Acid-Base Physiology

Case 19 : A young man who ingested barium carbonate


A 22 year old man was admitted to hospital 1.5 hours after ingestion of about 10G of barium carbonate dissolved in hydrochloric acid. Symptoms included abdominal pain, generalised areflexic muscle paralysis, increased salivation and diarrhoea. BP 180/110. Pulse 92/min.

Initial biochemistry (in mmol/l) was: Na+ 140, K+ 2.1, Cl 92, glucose 2.2 and plasma lactate 10.2.

This case report from Schorn et al (1991)

Arterial Blood Gases

pH 7.23

pCO2 34 mmHg

pO2 69 mmHg

HCO3 12.1 mmol/l


First: Initial clinical assessment

The high lactate indicates a lactic acidosis though there is no evidence of shock. A respiratory acidosis due to respiratory muscle failure and hypoventilation is a likely disorder in this settimng. The diarrhoea is unlikely to have caused a hyperchloraemic metabolic acidosis due the short duration.

Second: The acid-base diagnosis

Proceeding systematically:

  1. pH: The acidaemia indicates an acidosis is present.
  2. Pattern: The combination of a low bicarbonate and a low pCO2 indicates either a metabolic acidosis or a respiratory alkalosis. In this case with a known acidosis, a metabolic acidosis must be present.
  3. Clues: The anion gap is 36 (ie 140 - 92 - 12) indicating a high anion gap metabolic acidosis. The high lactate levels confirms a lactic acidosis. There is no evidence of another high anion gap disorder. The glucose is low. The Delta ratio is 2 (ie 36-12/24-12) and not helpful here.
  4. Compensation: The expected arterial pCO2 at maximal compensation is 26 mmHg (ie 1.5 x 12 + 8).
  5. Formulation: An acute high anion gap metabolic acidosis which is minimally compensated due to the short time since ingestion. A respiratory acidosis due to ventilatory failure associated with the muscle weakness was considered likely but there was no blood-gas evidence of this. Respiratory muscle weakness will make it difficult for increased ventilation (compensation) to occur over the following hours so the result may be a respiratory acidosis. The delta ratio of 2 is higher then the average value found in lactic acidosis (1.6) but not remarkably so. This delta ratio suggests we should consider the possibility of a pre-existing high bicarbonate level (due to metabolic alkalosis or in compensation for a chronic respiratory acidosis), but the brief duration and presumed previous good health in a young person does not provide any support for this additional diagnosis. There is also no support for a hyperchloraemic acidosis due to diarrhoea.
  6. Confirmation: No further compensation of the acid-base disorder is required. Urinalysis to exclude ketouria is simple to perform and should be done.

Finally: the Clinical Diagnosis

Acute self-inflicted poisoning with barium carbonate resulting in muscle paralysis (due to hypokalaemia) and acute lactic acidosis. The cause of this lactic acidosis is not clear. There is no evidence of circulatory failure.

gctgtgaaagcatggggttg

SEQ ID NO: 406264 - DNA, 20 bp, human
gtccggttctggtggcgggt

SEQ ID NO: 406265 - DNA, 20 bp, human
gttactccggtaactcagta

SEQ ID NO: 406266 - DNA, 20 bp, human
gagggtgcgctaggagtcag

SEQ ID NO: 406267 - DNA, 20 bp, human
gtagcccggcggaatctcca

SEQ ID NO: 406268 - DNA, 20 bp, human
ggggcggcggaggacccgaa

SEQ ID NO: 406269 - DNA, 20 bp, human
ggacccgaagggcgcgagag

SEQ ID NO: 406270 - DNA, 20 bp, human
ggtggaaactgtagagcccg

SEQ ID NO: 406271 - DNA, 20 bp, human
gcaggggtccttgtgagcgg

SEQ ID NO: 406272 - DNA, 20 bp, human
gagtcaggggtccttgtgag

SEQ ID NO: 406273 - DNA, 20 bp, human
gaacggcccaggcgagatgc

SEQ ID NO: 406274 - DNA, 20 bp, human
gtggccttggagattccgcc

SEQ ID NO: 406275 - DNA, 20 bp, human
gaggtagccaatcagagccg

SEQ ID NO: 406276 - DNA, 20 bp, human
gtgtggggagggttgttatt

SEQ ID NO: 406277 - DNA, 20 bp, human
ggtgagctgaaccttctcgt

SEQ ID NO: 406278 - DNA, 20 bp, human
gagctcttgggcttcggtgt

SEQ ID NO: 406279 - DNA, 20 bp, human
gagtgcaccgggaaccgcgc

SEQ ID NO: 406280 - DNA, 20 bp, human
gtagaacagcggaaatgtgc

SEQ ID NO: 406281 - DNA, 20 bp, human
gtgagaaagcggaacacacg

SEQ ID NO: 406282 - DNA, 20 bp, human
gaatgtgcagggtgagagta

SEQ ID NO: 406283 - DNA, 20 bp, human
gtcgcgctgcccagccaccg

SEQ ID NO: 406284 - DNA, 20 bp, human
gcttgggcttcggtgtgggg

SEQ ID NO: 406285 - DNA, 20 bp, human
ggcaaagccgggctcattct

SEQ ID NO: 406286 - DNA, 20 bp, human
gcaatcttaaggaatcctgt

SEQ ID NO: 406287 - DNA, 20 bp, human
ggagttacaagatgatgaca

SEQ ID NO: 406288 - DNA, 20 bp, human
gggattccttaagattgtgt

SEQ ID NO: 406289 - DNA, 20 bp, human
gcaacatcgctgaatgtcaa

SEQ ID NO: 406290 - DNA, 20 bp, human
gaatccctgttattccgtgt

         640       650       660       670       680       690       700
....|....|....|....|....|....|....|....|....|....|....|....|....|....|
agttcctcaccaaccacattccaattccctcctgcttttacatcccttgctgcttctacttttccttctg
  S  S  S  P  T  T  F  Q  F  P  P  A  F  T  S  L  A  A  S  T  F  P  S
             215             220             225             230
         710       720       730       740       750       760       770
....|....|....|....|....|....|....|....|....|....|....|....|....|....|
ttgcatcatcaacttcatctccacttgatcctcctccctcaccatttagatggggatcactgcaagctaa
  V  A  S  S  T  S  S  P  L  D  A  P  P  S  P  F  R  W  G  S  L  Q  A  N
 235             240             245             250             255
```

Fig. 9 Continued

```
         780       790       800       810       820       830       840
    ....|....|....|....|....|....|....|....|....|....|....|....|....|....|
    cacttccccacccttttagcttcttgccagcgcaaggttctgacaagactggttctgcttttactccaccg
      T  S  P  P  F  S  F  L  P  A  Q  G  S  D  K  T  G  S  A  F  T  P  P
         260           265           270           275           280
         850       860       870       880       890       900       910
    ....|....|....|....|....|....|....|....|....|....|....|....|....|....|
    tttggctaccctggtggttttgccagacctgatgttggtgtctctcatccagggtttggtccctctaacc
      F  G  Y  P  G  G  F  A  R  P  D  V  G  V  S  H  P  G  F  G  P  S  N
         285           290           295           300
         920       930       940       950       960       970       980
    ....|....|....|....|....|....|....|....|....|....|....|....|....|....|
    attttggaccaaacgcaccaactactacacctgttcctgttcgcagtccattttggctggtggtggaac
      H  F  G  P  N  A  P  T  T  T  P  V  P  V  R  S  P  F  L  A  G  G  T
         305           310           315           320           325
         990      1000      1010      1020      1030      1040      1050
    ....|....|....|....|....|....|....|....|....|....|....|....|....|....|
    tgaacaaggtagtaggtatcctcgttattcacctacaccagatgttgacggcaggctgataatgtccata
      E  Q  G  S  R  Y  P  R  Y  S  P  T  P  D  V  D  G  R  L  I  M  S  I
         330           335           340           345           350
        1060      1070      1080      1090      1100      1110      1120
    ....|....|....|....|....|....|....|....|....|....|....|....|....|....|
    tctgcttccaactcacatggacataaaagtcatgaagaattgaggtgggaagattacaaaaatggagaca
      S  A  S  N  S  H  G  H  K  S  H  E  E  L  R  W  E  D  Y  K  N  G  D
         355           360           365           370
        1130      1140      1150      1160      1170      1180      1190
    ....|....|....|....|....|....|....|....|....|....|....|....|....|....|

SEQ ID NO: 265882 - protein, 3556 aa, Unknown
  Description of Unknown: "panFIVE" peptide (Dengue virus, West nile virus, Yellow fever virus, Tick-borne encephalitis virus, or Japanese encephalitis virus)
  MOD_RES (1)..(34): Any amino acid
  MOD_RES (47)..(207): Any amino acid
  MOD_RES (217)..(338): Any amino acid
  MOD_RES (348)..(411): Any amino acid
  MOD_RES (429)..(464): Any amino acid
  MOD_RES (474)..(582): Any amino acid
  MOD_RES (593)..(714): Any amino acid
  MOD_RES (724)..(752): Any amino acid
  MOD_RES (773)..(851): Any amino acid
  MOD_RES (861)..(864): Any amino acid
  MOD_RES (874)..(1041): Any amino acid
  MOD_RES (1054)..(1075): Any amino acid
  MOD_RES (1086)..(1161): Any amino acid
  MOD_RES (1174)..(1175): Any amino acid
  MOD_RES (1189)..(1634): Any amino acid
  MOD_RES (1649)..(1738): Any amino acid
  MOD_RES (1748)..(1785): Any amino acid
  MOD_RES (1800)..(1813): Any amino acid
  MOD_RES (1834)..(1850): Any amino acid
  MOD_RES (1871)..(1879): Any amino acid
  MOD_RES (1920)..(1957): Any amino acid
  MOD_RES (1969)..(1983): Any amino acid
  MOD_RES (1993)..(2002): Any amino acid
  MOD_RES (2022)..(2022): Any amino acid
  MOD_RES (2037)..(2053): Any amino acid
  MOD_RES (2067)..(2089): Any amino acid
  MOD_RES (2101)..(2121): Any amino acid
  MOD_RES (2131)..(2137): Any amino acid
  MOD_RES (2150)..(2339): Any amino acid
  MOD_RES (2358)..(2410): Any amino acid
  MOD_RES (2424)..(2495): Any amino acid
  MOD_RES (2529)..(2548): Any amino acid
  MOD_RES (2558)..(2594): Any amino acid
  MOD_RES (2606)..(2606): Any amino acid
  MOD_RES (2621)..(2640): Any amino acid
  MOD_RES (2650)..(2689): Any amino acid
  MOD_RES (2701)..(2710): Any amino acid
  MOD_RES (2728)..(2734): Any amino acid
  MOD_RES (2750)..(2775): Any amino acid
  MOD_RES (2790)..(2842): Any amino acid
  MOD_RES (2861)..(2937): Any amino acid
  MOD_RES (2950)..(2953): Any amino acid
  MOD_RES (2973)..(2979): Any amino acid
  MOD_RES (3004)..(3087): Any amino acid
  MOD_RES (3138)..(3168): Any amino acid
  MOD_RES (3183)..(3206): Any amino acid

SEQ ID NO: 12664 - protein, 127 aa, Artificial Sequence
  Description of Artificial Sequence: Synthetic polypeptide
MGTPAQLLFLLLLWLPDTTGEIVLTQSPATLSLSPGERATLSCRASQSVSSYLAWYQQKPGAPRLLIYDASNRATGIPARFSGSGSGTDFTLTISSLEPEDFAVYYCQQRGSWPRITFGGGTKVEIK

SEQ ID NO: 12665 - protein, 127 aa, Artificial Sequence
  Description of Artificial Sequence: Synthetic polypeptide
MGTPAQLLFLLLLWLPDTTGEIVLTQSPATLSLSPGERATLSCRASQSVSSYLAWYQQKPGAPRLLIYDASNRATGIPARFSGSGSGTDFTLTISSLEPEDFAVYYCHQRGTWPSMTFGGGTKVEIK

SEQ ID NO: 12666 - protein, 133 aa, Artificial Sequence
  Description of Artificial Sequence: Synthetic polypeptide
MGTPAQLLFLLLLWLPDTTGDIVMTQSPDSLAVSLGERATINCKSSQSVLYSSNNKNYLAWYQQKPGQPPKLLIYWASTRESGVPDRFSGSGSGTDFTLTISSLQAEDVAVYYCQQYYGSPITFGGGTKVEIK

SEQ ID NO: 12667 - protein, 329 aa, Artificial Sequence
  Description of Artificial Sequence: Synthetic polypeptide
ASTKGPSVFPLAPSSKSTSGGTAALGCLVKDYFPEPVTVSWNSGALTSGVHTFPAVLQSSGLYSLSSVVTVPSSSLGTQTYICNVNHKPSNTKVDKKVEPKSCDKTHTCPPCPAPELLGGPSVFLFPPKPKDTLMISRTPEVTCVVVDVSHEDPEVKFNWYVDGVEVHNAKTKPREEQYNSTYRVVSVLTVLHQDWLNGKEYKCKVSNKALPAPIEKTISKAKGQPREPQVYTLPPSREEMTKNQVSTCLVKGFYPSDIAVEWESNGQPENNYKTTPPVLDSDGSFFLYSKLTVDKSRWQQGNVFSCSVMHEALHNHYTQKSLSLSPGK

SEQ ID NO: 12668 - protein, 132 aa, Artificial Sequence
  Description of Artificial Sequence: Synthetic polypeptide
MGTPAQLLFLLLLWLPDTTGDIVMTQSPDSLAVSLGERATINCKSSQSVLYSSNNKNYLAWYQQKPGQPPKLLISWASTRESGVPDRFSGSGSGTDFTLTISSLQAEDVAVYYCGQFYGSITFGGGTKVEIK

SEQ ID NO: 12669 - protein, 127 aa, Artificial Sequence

Reported treatments include gastric lavage (only if soon after ingestion), instillation of magnesium sulphate (to precipitate the barium in the bowel), a KCl infusion at 25 mmol/hr via a central line (to correct the hypokalaemia), sodium bicarbonate (see comment below) and haemodialysis.

The patient developed ventricular tachycardia after the sodium bicarbonate. The arrhythmia resolved but respiratory failure required intubation soon after. Ventricular fibrillation occurred during intubation and required 30 minutes of resuscitation before a stable rhythm was achieved. The [K+] just before resuscitation was 1.5 mmol/l. Administration of NaHCO3 may worsen hypokalaemia and precipitate arrhythmias. This probable contribution of the NaHCO3 infusion to a worsening of the hypokalaemia and the subsequent life-threatening arrhythmias was not commented upon in this published case report.

The hypokalaemia on presentation was due to the barium. Barium causes a large transfer of K+ from the ECF to the ICF in muscle cells due to a marked reduction in passive permeability of the membrane to K+ (minimising K+ loss from the cell) without initially affecting the Na+-K+ ATPase (allowing continued uptake of K+ by the cell). In this patient, barium levels fell rapidly with haemodialysis. This patient survived.

Barium suphate is an insoluble salt of barium which is widely used as a radiological contrast and people think that "barium" is safe to use. Of course barium sulphate is an insoluble barium salt and is safe to use. However all soluble barium salts are extremely toxic.

A 2012 case report of barium toxicity due to barium sulphide discusses treatment options. Barium carbonate can be added to, or mistaken for, flour and accidentally ingested. In one report in 2009, 12 of 27 people died.

Further Reading

  1. Bradberry S and Vale J. Disturbances of potassium homeostasis in poisoning. J Toxicol Clin Toxicol 1995;33(4):295-310
  2. Schorn T et al.  Barium Carbonate Intoxication. Intensive Care Med 1991;17:60-62
  3. Thomas M et al. Acute barium intoxication following ingestion of ceramic glaze.  R.Postgrad Med J 1998 Sep;74:545-6